· EPA illegally delegated its responsibility to clean indoor environments to New York City, which, in turn, dumped that responsibility onto individual home owners, tenants, and employers; and
· EPA conducted two so-called "indoor cleanups" that the IG, EPA's own scientific advisory panel, and, now, the Government Accountability Office, all found lacked a proper scientific basis and failed to ensure the proper de-contamination of tens of thousands of residences and workplaces.
The response of other federal agencies was similarly inadequate. The Occupational Safety and Health Administration, for example, failed to enforce workplace safety regulations on the "pile" that it enforced at the Pentagon (where every worker was required to wear respirators and nobody has become sick). OSHA also allowed indoor workers to re-occupy workplaces that had not been properly tested and cleaned. FEMA refused to pay for testing and cleanup of indoor spaces, a cost that was much too prohibitive for most residents and small businesses. FEMA also denied payments to residents to stay elsewhere even when their homes were full of World Trade Center dust.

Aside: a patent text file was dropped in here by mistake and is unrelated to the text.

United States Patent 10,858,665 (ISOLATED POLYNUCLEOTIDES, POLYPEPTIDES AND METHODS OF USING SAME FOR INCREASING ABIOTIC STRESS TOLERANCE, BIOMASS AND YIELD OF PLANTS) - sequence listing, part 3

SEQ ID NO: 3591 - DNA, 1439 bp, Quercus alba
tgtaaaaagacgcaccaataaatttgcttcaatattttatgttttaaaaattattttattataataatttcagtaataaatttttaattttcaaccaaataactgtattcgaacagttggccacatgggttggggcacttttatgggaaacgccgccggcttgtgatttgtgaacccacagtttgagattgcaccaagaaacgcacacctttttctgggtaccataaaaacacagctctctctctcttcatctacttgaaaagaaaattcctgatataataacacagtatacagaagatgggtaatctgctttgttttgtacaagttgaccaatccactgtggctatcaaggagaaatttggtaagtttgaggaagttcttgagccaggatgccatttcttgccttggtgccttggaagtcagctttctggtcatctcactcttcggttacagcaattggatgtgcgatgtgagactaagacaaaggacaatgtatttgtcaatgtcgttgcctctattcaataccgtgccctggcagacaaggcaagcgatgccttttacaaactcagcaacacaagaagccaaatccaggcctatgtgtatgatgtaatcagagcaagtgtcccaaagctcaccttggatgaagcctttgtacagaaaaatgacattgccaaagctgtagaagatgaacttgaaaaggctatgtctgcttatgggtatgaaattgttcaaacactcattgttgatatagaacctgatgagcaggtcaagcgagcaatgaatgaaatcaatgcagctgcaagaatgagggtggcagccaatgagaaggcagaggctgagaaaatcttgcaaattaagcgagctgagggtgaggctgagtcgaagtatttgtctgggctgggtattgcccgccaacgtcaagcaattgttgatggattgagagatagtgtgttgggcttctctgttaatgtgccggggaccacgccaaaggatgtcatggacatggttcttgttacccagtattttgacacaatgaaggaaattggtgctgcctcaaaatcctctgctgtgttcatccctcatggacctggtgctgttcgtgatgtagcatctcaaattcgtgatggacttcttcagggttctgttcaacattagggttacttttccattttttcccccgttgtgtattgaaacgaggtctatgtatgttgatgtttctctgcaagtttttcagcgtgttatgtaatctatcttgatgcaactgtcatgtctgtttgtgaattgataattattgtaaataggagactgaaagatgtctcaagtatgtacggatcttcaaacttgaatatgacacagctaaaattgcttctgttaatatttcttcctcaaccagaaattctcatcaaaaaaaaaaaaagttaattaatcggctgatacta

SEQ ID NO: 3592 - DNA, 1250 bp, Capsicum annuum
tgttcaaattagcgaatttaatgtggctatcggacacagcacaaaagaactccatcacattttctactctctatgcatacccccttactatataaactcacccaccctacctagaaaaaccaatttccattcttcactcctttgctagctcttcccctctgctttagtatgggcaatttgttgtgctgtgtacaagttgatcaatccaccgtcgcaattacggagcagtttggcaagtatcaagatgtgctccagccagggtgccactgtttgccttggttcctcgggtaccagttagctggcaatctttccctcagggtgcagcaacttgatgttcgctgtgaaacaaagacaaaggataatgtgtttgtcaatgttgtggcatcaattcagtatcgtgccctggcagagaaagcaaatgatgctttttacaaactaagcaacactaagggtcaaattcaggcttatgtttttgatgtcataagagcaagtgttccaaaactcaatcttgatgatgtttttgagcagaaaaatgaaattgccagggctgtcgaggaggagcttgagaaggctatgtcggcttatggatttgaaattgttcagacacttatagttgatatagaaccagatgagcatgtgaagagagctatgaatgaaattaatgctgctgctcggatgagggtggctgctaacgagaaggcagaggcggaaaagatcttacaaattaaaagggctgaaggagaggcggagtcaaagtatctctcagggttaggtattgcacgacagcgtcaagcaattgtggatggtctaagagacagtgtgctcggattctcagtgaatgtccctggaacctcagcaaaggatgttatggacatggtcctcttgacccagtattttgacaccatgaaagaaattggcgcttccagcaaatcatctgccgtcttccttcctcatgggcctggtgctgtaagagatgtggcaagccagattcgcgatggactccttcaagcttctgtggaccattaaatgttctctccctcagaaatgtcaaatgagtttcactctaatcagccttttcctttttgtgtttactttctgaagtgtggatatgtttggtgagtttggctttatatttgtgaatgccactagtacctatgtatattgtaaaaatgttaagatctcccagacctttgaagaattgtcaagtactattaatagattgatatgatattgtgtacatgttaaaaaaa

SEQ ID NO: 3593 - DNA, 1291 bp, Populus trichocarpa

New York City and State government officials followed suit by allowing re-occupation of buildings (including schools) that not been properly tested and decontaminated, advising people to clean asbestos-containing dust in their homes and workplaces with a "wet mop and a wet rag" -- illegal and unsafe advice endorsed by EPA and posted on its website -- and failing to enforce local environmental codes for worker protection.
Based on EPA assurances, insurance companies refused to cover individual claims for proper indoor cleanups. And building owners and employers, citing the federal safety statements, did not properly test and clean the spaces for which they were ostensibly responsible.
Finally, hundreds of thousand of people, not wanting to imagine that their government could act with such reckless disregard for their welfare, believed the false assurances, and continued to work on the pile with inadequate Personal Protective Equipment and returned to their homes, schools and workplaces that had not been properly tested and cleaned -- and have still not been.
Six years later, we are just beginning to see the enormous consequences of these actions. Our government has knowingly exposed thousands of American citizens unnecessarily to deadly hazardous materials. And because it has never admitted the truth, Americans remain at grave risk to this day. Thousands of first-responders, residents, area workers and students are sick, and some are dead, and that toll will continue to grow until we get the truth and take appropriate action.